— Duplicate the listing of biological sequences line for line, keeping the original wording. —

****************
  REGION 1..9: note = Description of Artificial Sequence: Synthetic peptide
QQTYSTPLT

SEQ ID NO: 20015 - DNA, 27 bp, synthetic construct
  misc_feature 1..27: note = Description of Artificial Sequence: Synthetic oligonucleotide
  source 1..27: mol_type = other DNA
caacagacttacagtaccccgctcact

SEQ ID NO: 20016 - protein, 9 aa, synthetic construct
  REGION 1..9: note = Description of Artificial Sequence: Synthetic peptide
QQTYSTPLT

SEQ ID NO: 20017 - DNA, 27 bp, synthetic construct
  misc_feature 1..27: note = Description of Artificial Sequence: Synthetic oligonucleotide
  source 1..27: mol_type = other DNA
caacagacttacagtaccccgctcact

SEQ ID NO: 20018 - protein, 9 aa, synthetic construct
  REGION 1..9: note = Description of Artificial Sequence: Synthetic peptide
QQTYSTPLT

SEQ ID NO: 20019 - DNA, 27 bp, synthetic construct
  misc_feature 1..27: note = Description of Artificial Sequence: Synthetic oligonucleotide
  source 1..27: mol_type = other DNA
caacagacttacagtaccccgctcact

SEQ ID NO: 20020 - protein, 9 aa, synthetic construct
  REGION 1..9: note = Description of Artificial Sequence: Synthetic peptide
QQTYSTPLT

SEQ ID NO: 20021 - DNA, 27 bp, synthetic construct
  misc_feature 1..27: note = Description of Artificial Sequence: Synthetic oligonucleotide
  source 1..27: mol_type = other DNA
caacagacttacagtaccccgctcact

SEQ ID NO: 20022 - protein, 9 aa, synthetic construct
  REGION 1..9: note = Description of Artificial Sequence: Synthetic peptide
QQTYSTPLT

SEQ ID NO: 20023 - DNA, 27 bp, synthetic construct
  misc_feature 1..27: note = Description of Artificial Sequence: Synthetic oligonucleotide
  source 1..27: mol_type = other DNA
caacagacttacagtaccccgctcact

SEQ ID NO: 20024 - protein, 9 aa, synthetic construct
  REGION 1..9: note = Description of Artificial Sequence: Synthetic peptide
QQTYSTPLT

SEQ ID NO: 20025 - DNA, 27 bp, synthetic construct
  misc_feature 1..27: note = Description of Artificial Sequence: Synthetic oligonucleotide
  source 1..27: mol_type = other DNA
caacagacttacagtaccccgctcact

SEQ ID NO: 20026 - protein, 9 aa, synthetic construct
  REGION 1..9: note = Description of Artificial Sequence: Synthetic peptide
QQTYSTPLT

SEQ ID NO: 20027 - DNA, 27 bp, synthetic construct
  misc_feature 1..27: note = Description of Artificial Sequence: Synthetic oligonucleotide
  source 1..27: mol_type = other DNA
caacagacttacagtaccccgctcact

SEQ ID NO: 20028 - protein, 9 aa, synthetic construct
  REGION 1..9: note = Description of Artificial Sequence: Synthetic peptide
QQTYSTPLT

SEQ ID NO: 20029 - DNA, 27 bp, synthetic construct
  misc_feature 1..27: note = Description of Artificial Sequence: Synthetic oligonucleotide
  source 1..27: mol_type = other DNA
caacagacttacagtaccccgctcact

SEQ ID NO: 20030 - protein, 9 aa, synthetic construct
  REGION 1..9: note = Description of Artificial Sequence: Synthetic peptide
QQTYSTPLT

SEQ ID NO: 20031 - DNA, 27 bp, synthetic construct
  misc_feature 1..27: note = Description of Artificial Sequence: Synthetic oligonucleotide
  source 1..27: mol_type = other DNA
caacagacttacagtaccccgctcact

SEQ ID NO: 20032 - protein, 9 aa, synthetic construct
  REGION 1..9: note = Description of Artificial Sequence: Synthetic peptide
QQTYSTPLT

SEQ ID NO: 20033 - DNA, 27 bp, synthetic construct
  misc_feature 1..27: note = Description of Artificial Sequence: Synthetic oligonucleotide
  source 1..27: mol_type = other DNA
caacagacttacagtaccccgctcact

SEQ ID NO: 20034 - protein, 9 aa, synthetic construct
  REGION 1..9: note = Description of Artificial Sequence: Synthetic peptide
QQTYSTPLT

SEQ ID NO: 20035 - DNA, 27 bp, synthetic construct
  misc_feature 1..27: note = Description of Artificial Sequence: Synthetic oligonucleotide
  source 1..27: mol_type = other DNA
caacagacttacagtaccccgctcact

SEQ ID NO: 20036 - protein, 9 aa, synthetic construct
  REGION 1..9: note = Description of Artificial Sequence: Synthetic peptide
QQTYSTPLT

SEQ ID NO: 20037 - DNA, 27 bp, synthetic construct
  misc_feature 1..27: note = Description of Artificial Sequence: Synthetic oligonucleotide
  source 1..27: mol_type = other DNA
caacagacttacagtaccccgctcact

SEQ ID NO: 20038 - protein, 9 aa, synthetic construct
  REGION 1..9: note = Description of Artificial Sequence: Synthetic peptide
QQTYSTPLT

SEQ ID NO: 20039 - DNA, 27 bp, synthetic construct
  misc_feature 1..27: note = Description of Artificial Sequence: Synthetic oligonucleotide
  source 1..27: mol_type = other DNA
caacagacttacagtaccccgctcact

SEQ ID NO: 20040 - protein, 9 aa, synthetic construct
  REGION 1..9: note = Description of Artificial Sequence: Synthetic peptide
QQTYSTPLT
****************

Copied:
  REGION 1..9: note = Description of Artificial Sequence: Synthetic peptide
QQTYSTPLT

SEQ ID NO: 20015 - DNA, 27 bp, synthetic construct
  misc_feature 1..27: note = Description of Artificial Sequence: Synthetic oligonucleotide
  source 1..27: mol_type = other DNA
caacagacttacagtaccccgctcact

SEQ ID NO: 20016 - protein, 9 aa, synthetic construct
  REGION 1..9: note = Description of Artificial Sequence: Synthetic peptide
QQTYSTPLT

SEQ ID NO: 20017 - DNA, 27 bp, synthetic construct
  misc_feature 1..27: note = Description of Artificial Sequence: Synthetic oligonucleotide
  source 1..27: mol_type = other DNA
caacagacttacagtaccccgctcact

SEQ ID NO: 20018 - protein, 9 aa, synthetic construct
  REGION 1..9: note = Description of Artificial Sequence: Synthetic peptide
QQTYSTPLT

SEQ ID NO: 20019 - DNA, 27 bp, synthetic construct
  misc_feature 1..27: note = Description of Artificial Sequence: Synthetic oligonucleotide
  source 1..27: mol_type = other DNA
caacagacttacagtaccccgctcact

SEQ ID NO: 20020 - protein, 9 aa, synthetic construct
  REGION 1..9: note = Description of Artificial Sequence: Synthetic peptide
QQTYSTPLT

SEQ ID NO: 20021 - DNA, 27 bp, synthetic construct
  misc_feature 1..27: note = Description of Artificial Sequence: Synthetic oligonucleotide
  source 1..27: mol_type = other DNA
caacagacttacagtaccccgctcact

SEQ ID NO: 20022 - protein, 9 aa, synthetic construct
  REGION 1..9: note = Description of Artificial Sequence: Synthetic peptide
QQTYSTPLT

SEQ ID NO: 20023 - DNA, 27 bp, synthetic construct
  misc_feature 1..27: note = Description of Artificial Sequence: Synthetic oligonucleotide
  source 1..27: mol_type = other DNA
caacagacttacagtaccccgctcact

SEQ ID NO: 20024 - protein, 9 aa, synthetic construct
  REGION 1..9: note = Description of Artificial Sequence: Synthetic peptide
QQTYSTPLT

SEQ ID NO: 20025 - DNA, 27 bp, synthetic construct
  misc_feature 1..27: note = Description of Artificial Sequence: Synthetic oligonucleotide
  source 1..27: mol_type = other DNA
caacagacttacagtaccccgctcact

SEQ ID NO: 20026 - protein, 9 aa, synthetic construct
  REGION 1..9: note = Description of Artificial Sequence: Synthetic peptide
QQTYSTPLT

SEQ ID NO: 20027 - DNA, 27 bp, synthetic construct
  misc_feature 1..27: note = Description of Artificial Sequence: Synthetic oligonucleotide
  source 1..27: mol_type = other DNA
caacagacttacagtaccccgctcact

SEQ ID NO: 20028 - protein, 9 aa, synthetic construct
  REGION 1..9: note = Description of Artificial Sequence: Synthetic peptide
QQTYSTPLT

SEQ ID NO: 20029 - DNA, 27 bp, synthetic construct
  misc_feature 1..27: note = Description of Artificial Sequence: Synthetic oligonucleotide
  source 1..27: mol_type = other DNA
caacagacttacagtaccccgctcact

SEQ ID NO: 20030 - protein, 9 aa, synthetic construct
  REGION 1..9: note = Description of Artificial Sequence: Synthetic peptide
QQTYSTPLT

SEQ ID NO: 20031 - DNA, 27 bp, synthetic construct
  misc_feature 1..27: note = Description of Artificial Sequence: Synthetic oligonucleotide
  source 1..27: mol_type = other DNA
caacagacttacagtaccccgctcact

SEQ ID NO: 20032 - protein, 9 aa, synthetic construct
  REGION 1..9: note = Description of Artificial Sequence: Synthetic peptide
QQTYSTPLT

SEQ ID NO: 20033 - DNA, 27 bp, synthetic construct
  misc_feature 1..27: note = Description of Artificial Sequence: Synthetic oligonucleotide
  source 1..27: mol_type = other DNA
caacagacttacagtaccccgctcact

SEQ ID NO: 20034 - protein, 9 aa, synthetic construct
  REGION 1..9: note = Description of Artificial Sequence: Synthetic peptide
QQTYSTPLT

SEQ ID NO: 20035 - DNA, 27 bp, synthetic construct
  misc_feature 1..27: note = Description of Artificial Sequence: Synthetic oligonucleotide
  source 1..27: mol_type = other DNA
caacagacttacagtaccccgctcact

SEQ ID NO: 20036 - protein, 9 aa, synthetic construct
  REGION 1..9: note = Description of Artificial Sequence: Synthetic peptide
QQTYSTPLT

SEQ ID NO: 20037 - DNA, 27 bp, synthetic construct
  misc_feature 1..27: note = Description of Artificial Sequence: Synthetic oligonucleotide
  source 1..27: mol_type = other DNA
caacagacttacagtaccccgctcact

SEQ ID NO: 20038 - protein, 9 aa, synthetic construct
  REGION 1..9: note = Description of Artificial Sequence: Synthetic peptide
QQTYSTPLT

SEQ ID NO: 20039 - DNA, 27 bp, synthetic construct
  misc_feature 1..27: note = Description of Artificial Sequence: Synthetic oligonucleotide
  source 1..27: mol_type = other DNA
caacagacttacagtaccccgctcact

SEQ ID NO: 20040 - protein, 9 aa, synthetic construct
  REGION 1..9: note = Description of Artificial Sequence: Synthetic peptide
QQTYSTPLT